Derin Clark

Derin Clark

Online Reporter
Published: 06/11/2019

Singles are trapped living with an ex-partner because they financially cannot move out, while 16% of those in relationships are keeping thousands of pounds in savings secret from their partners, new research reveals.

Research from Direct Line Home Insurance found that nine million ex-partners have to remain living with each other for an average of four months before they can afford to, or are contractually able to, move out. Meanwhile, one in 10 (one million) have continued living with their ex for over 10 months. Furthermore, the research found that one in 25 of people who have broken up with their partner are still living with their ex due to mortgage or rental payments being based on two incomes.

While the time needed to organise somewhere new to live was the biggest reason why ex-partners remained living together, cited by 28% as the reason why they did not immediately move out, a significant 16% said the reason why they stayed was due to neither partner being able to afford to buy the other person out or because they could not afford to live on their own. In addition to this, 13% stated they stayed living together because they had children.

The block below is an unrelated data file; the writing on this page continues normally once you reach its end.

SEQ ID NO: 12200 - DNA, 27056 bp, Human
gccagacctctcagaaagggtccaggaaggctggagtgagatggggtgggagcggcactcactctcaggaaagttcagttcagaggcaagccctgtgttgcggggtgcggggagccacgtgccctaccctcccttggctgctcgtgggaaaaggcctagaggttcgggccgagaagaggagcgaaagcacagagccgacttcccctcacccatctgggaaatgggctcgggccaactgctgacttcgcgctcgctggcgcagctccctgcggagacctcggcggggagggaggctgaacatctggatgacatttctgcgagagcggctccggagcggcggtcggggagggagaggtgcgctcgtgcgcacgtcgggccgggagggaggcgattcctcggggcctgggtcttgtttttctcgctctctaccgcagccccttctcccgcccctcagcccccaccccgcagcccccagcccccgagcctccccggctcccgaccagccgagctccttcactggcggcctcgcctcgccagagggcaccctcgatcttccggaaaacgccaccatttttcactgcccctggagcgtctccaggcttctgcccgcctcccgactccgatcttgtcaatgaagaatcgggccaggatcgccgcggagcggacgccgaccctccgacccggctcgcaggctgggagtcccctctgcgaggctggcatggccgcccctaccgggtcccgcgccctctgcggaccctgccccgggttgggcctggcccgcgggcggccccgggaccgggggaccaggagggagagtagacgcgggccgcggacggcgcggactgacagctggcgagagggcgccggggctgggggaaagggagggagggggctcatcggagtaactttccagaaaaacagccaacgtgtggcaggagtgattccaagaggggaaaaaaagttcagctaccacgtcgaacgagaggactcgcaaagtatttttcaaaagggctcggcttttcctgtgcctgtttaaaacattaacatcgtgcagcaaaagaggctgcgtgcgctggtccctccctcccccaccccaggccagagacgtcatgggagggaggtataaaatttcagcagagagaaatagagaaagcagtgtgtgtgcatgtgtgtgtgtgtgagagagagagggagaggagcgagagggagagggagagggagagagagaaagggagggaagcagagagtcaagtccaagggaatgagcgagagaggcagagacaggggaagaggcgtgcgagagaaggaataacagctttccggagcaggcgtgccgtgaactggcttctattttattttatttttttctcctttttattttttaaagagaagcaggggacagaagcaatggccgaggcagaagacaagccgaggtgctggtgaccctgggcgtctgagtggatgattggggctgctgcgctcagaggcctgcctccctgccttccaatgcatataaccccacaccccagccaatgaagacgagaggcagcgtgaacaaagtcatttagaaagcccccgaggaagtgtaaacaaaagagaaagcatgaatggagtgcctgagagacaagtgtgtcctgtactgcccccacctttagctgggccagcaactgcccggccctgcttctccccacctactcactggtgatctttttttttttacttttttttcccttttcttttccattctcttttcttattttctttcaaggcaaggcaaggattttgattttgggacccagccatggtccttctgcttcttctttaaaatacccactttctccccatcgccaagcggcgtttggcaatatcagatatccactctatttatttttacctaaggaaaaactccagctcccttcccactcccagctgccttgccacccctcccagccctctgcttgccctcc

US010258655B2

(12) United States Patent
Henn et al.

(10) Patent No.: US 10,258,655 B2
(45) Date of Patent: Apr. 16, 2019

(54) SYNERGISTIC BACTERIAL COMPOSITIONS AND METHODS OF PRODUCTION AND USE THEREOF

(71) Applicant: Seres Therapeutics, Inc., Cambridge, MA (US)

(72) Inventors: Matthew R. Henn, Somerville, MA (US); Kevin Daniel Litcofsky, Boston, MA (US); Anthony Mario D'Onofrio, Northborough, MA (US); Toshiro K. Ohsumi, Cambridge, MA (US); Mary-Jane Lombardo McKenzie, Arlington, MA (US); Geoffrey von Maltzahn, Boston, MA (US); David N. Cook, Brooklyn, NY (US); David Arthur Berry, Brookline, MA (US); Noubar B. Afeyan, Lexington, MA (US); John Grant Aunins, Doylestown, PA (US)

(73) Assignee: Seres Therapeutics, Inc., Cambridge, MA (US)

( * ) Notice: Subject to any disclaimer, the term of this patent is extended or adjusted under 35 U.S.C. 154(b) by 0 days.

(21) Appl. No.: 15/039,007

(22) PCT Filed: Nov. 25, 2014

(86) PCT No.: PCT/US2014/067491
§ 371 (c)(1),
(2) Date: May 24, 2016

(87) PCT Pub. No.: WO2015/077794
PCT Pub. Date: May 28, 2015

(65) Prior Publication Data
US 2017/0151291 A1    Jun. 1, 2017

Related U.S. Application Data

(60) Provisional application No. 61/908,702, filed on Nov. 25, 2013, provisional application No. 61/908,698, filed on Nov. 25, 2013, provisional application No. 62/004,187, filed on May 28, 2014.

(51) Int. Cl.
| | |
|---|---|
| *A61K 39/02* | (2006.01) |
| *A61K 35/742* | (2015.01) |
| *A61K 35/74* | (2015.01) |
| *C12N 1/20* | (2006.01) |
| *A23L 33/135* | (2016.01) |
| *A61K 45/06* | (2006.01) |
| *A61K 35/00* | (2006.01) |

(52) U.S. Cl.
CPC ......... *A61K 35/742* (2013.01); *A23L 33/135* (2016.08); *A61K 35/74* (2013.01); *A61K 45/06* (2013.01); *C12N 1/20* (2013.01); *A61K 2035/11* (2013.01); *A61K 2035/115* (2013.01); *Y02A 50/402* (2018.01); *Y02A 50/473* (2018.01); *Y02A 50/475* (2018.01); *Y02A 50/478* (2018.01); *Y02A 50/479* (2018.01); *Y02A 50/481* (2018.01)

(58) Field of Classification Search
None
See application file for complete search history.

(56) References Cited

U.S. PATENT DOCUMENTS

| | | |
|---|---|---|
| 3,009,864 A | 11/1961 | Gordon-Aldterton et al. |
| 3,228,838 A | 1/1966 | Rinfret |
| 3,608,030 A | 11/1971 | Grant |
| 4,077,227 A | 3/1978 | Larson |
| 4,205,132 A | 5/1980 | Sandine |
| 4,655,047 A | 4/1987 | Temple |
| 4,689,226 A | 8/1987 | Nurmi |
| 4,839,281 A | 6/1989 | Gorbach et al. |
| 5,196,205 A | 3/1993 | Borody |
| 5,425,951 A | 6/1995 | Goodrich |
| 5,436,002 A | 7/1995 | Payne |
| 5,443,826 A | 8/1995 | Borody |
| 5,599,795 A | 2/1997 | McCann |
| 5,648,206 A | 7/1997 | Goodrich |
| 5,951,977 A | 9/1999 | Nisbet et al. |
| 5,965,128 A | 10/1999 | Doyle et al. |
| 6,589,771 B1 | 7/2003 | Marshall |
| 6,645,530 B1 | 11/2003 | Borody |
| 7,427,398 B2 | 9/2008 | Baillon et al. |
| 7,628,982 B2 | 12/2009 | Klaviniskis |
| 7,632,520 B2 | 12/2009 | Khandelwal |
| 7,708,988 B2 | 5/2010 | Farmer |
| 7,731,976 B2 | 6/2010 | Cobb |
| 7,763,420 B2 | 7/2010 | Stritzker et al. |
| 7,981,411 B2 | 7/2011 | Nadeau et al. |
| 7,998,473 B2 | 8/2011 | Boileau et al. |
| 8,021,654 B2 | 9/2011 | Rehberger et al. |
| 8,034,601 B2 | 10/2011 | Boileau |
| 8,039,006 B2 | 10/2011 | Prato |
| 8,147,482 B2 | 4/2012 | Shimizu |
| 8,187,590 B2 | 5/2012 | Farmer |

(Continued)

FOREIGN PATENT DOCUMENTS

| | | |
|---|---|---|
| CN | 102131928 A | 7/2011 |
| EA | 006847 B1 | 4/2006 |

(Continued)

Secret savings stash

Meanwhile, 16% of those in a relationship are keeping their savings secret from their partners. According to research by AJ Bell, 18% of women keep their personal savings secret from their partner, while 14% of men do the same. The research found that men tend to have more in savings; £8,333 compared to £6,325 saved by women, with men more likely to keep their savings secret in case of a relationship breakdown and women preferring to keep a secret fund to retain their independence.

Commenting on the research into secret saving habits, Laura Suter, personal finance analyst at AJ Bell, said: “Whether people keep a pot of money secret from their partner is a deeply personal thing, and there’s no right answer. It’s understandable that those who’ve had messy break-ups in the past will want their own secret stash, or runaway fund as it’s often called, and no-one should be forced to stay in a relationship because they can’t afford to leave. However, for others this would be too big a secret to keep from their partner.

“It also depends how you deal with your finances as a couple. If you agreed to pool all your money and earnings then having a secret pot of money your partner doesn't know about might feel like a bigger omission, whereas if you have entirely separate money and accounts you might feel perfectly entitled to have a pot of savings and not talk to your partner about it.”

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